SOUTH Yorkshire Police faces legal action as exasperated official investigators try to make it release documentary evidence regarding the 1984 “battle of Orgreave,” which saw police run riot attacking striking miners.
The Independent Police Complaints Commission (IPCC) was pushed to involve the courts, the Star was informed yesterday, after five months of procrastination from the force.
Commission watchdogs have been baffled by the hold up, as inquiries only began after South Yorkshire Police referred itself following the launch of the Orgreave Truth and Justice Campaign (OTJC) in November 2012.
And in a bizarre twist last night South Yorkshire Police attempted to blame its insurers for the spat. A force representative told the Star it “does not physically possess these documents.
“They were held by the force’s insurers at the time, and the firm acting for the force’s current insurers claims the documents are partly the property of our former insurers and their consent would be required to release them.
“South Yorkshire Police is in negotiation with the firm to obtain the documents.”
Since OTJC’s launch two years ago the IPCC has been conducting a “scoping exercise” into whether or not a full investigation should be opened, and campaigners have expressed frustration at an ongoing delay in reaching a decision.
On Friday a delegation from OTJC met the IPCC chairwoman Dame Ann Owers, where they were told about the missing documents.
Delegation member NUM general secretary Chris Kitchen said: “The chairwoman of the IPCC said that in June they had identified five boxes of documents in relation to Orgreave, and South Yorkshire Police has so far refused to hand them over. They are now at the point where they are going to enforce this.
“They tried to negotiate the release of the documents. They have not been able to do so. They are at the end of the negotiations with South Yorkshire Police and are at the point of taking action to force them to hand them over.”
Legislation governing the remit of the IPCC includes the right to force the release of evidence if it is not given willingly — a power known as Section 17.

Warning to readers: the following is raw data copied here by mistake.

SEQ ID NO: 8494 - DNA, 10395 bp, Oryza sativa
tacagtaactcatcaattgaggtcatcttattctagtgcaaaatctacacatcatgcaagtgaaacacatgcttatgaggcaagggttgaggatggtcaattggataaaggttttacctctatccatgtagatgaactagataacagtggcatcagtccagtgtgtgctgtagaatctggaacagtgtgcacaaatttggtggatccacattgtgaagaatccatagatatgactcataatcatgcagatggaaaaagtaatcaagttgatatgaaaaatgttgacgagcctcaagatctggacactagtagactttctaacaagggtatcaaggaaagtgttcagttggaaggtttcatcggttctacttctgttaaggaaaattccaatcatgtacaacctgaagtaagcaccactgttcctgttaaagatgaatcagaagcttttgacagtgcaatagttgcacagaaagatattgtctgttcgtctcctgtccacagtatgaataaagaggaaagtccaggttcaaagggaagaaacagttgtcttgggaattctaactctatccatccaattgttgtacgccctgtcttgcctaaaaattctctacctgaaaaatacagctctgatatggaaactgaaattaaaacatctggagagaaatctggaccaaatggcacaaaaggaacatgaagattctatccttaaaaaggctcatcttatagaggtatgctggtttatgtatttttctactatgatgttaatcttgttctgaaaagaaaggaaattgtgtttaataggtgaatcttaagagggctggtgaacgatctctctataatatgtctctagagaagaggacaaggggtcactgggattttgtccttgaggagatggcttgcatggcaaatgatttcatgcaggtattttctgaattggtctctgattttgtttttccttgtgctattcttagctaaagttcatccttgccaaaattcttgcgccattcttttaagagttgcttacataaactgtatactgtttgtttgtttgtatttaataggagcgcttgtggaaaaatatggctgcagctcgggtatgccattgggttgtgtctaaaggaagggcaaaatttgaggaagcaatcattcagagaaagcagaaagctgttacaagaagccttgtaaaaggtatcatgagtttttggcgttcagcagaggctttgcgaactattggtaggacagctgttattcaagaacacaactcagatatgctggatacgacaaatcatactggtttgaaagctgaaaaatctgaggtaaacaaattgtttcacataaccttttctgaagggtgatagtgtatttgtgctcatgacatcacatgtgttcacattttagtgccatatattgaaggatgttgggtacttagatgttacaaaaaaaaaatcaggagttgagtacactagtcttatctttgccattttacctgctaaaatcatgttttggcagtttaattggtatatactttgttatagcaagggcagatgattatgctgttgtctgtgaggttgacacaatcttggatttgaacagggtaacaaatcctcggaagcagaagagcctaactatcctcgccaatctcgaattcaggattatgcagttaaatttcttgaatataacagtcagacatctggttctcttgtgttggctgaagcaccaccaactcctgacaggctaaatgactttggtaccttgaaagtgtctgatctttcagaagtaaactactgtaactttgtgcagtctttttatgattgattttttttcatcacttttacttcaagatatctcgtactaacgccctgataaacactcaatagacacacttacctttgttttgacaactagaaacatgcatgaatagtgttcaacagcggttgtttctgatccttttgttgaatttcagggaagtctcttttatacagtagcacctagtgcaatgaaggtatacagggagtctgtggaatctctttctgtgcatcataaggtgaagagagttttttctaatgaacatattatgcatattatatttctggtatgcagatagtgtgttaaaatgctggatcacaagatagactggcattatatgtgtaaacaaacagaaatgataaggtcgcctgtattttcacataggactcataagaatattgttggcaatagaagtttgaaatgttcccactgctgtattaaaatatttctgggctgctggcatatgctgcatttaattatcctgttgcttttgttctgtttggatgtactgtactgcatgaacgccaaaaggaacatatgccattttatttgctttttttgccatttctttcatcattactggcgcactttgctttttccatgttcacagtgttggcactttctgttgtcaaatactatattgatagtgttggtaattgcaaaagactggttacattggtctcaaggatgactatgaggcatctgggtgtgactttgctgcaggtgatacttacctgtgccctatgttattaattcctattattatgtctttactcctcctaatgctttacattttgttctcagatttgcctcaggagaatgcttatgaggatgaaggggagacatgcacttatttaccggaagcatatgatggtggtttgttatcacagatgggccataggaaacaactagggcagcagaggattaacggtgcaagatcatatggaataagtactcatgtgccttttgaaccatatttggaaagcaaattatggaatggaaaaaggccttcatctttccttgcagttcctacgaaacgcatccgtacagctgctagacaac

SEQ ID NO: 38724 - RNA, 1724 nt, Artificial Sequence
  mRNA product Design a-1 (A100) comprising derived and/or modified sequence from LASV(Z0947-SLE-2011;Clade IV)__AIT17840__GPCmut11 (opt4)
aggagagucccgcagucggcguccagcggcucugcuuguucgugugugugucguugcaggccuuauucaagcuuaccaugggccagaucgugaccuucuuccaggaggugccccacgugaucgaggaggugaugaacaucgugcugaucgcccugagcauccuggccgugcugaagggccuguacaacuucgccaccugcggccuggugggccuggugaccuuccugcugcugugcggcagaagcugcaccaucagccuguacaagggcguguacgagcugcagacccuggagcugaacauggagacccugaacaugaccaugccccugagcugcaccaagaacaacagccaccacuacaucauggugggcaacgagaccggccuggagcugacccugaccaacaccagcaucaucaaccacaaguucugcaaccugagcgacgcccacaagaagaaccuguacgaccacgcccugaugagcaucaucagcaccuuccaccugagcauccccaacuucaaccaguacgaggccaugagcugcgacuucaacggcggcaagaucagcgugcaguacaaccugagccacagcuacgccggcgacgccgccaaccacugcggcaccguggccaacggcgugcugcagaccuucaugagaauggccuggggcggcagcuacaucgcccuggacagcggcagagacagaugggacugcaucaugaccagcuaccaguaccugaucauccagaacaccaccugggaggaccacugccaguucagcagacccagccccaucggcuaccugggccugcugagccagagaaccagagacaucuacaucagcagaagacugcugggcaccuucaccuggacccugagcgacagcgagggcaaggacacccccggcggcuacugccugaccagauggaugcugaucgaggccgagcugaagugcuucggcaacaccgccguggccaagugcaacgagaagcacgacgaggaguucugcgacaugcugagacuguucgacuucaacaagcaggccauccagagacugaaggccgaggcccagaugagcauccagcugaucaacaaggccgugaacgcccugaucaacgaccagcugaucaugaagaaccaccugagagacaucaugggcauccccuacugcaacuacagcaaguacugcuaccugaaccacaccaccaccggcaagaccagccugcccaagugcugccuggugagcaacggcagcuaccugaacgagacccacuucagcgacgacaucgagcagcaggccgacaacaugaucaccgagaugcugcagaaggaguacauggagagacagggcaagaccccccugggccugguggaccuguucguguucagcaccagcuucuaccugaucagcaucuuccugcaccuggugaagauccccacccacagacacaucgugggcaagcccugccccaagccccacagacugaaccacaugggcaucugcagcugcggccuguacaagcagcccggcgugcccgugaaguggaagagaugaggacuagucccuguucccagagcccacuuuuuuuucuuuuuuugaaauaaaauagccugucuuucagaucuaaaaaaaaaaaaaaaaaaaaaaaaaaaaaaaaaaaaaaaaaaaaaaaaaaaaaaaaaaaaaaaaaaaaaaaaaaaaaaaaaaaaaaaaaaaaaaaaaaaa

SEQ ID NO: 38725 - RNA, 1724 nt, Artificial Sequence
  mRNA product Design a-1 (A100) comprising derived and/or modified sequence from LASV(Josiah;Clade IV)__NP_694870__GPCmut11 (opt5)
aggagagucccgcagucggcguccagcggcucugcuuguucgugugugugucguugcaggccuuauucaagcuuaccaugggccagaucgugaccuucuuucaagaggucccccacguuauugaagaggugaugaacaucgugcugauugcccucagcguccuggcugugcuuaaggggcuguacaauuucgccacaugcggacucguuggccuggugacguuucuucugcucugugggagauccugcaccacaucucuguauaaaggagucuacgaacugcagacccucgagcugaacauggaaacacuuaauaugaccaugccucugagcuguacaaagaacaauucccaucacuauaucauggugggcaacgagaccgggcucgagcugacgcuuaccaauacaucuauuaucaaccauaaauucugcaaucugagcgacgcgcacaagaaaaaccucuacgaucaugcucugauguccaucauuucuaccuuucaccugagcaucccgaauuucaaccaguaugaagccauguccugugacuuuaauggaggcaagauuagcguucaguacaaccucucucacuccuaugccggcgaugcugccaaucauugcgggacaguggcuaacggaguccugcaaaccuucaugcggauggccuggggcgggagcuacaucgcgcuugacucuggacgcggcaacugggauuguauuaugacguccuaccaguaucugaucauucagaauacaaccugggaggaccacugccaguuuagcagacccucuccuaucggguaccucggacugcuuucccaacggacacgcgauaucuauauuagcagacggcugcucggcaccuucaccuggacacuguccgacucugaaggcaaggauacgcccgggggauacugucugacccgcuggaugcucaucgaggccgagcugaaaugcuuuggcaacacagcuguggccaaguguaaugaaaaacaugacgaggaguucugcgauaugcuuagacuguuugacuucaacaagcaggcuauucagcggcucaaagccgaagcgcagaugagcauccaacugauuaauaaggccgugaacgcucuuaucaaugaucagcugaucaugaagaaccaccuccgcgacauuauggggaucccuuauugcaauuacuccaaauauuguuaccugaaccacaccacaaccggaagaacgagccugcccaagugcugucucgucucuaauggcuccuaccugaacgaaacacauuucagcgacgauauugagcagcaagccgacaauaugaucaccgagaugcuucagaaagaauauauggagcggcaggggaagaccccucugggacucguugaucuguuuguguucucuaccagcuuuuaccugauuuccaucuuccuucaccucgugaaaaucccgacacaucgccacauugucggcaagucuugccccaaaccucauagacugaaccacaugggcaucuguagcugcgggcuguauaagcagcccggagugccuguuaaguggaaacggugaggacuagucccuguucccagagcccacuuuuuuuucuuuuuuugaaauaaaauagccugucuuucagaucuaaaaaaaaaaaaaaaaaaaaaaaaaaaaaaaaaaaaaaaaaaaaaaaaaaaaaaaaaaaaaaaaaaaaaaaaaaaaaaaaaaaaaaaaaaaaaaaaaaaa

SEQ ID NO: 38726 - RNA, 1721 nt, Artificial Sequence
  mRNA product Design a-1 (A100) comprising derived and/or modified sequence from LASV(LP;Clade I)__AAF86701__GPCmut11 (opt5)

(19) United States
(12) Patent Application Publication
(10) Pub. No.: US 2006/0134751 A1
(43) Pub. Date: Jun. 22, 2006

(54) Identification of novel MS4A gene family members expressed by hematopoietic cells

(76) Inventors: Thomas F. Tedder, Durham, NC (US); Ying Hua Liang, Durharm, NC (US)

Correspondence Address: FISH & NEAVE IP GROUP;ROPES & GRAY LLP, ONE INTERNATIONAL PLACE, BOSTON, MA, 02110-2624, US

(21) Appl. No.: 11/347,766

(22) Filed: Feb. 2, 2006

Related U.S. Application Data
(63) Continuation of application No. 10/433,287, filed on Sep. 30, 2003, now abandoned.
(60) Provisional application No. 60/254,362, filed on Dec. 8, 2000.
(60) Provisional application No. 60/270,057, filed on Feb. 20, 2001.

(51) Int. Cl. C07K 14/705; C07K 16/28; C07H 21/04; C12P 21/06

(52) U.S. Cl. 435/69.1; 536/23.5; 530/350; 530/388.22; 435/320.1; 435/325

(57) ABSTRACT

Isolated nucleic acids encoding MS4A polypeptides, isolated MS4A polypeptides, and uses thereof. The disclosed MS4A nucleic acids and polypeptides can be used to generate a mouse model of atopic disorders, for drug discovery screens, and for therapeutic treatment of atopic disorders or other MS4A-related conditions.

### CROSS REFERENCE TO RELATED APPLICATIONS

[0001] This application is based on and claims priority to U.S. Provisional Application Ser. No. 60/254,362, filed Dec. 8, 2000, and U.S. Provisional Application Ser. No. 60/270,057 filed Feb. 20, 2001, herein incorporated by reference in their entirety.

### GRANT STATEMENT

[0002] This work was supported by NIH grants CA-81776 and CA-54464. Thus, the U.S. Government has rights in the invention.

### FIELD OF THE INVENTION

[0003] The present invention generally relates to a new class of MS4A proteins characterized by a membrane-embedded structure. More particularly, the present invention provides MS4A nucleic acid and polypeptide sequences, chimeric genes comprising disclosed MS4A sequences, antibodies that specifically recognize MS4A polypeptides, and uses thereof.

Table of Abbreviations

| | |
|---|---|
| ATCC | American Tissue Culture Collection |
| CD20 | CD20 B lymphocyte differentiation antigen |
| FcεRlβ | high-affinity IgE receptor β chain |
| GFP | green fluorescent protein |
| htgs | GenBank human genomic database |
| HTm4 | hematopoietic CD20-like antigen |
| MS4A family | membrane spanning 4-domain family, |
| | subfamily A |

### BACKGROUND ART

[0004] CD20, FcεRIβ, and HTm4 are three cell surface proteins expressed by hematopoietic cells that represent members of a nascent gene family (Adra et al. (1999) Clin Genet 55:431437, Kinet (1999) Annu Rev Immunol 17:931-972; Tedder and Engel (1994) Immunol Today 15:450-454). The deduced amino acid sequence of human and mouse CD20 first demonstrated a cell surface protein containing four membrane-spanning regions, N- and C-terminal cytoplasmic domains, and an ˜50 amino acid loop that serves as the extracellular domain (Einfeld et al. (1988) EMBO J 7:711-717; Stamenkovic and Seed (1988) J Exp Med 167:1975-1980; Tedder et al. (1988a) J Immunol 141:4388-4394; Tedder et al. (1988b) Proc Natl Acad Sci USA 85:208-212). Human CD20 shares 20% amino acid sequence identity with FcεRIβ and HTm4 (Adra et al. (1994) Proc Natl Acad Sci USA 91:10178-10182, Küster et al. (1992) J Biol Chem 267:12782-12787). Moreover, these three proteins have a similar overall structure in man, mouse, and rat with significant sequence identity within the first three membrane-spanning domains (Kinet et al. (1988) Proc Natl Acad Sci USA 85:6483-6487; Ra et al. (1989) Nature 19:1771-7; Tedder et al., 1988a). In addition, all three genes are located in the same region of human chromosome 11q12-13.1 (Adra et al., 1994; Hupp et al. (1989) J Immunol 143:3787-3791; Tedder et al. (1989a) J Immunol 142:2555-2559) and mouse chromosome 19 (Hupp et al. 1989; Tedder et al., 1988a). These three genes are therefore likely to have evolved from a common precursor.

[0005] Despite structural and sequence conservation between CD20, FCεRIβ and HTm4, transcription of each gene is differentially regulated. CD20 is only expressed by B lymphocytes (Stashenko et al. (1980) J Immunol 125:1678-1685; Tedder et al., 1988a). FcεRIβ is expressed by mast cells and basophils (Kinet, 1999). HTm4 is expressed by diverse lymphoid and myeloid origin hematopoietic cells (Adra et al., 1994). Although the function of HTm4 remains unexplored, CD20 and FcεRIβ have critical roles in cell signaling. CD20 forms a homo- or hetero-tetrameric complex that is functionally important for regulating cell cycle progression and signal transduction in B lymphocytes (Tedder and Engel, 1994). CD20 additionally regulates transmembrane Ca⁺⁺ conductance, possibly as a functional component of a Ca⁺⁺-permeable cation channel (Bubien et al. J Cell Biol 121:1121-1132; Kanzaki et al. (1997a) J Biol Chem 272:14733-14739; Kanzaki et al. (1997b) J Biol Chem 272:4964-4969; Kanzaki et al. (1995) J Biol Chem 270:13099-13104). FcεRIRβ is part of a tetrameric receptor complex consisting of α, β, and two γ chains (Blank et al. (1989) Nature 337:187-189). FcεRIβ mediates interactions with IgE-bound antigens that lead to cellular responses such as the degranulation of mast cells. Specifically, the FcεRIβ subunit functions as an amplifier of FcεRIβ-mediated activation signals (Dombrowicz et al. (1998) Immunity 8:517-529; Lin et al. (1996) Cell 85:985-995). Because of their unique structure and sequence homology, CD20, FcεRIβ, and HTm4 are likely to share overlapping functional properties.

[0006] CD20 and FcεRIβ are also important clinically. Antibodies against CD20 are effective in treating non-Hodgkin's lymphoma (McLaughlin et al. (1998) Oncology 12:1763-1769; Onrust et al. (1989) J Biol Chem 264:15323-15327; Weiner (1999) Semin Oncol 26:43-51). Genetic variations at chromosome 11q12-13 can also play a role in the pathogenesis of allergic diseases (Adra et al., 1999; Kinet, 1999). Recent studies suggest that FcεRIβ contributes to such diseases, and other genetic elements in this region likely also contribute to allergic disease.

OTJC secretary Barbara Jackson said: “The IPCC have been trying since June to obtain material from South Yorkshire Police that they need to analyse. If necessary they will serve a Section 17 letter demanding compliance with the request. They will use legal powers to obtain the material if compliance is not forthcoming.”
The IPCC is expected to release an initial report into its findings on Orgreave in the new year.
OTJC is demanding a public inquiry into police violence during the 1984 miners’ strike against pickets at Orgreave coking plant outside Rotherham, South Yorkshire, on June 18 of that year.
Hundreds of miners were battered and bloodied in repeated police charges and 95 pickets were charged with riot. All charges were thrown out of court after revelations that police fabricated evidence and South Yorkshire Police has so far had to pay out £425,000 in compensation, but no police officer was prosecuted or even disciplined over the affair.
“The campaign will continue to work for a full public inquiry which we believe is the only way to expose the police violence and fabrication of police statements relating to the Orgreave coking plant picket during the miners’ strike,” Ms Jackson added.
The IPCC was unavailable for comment.
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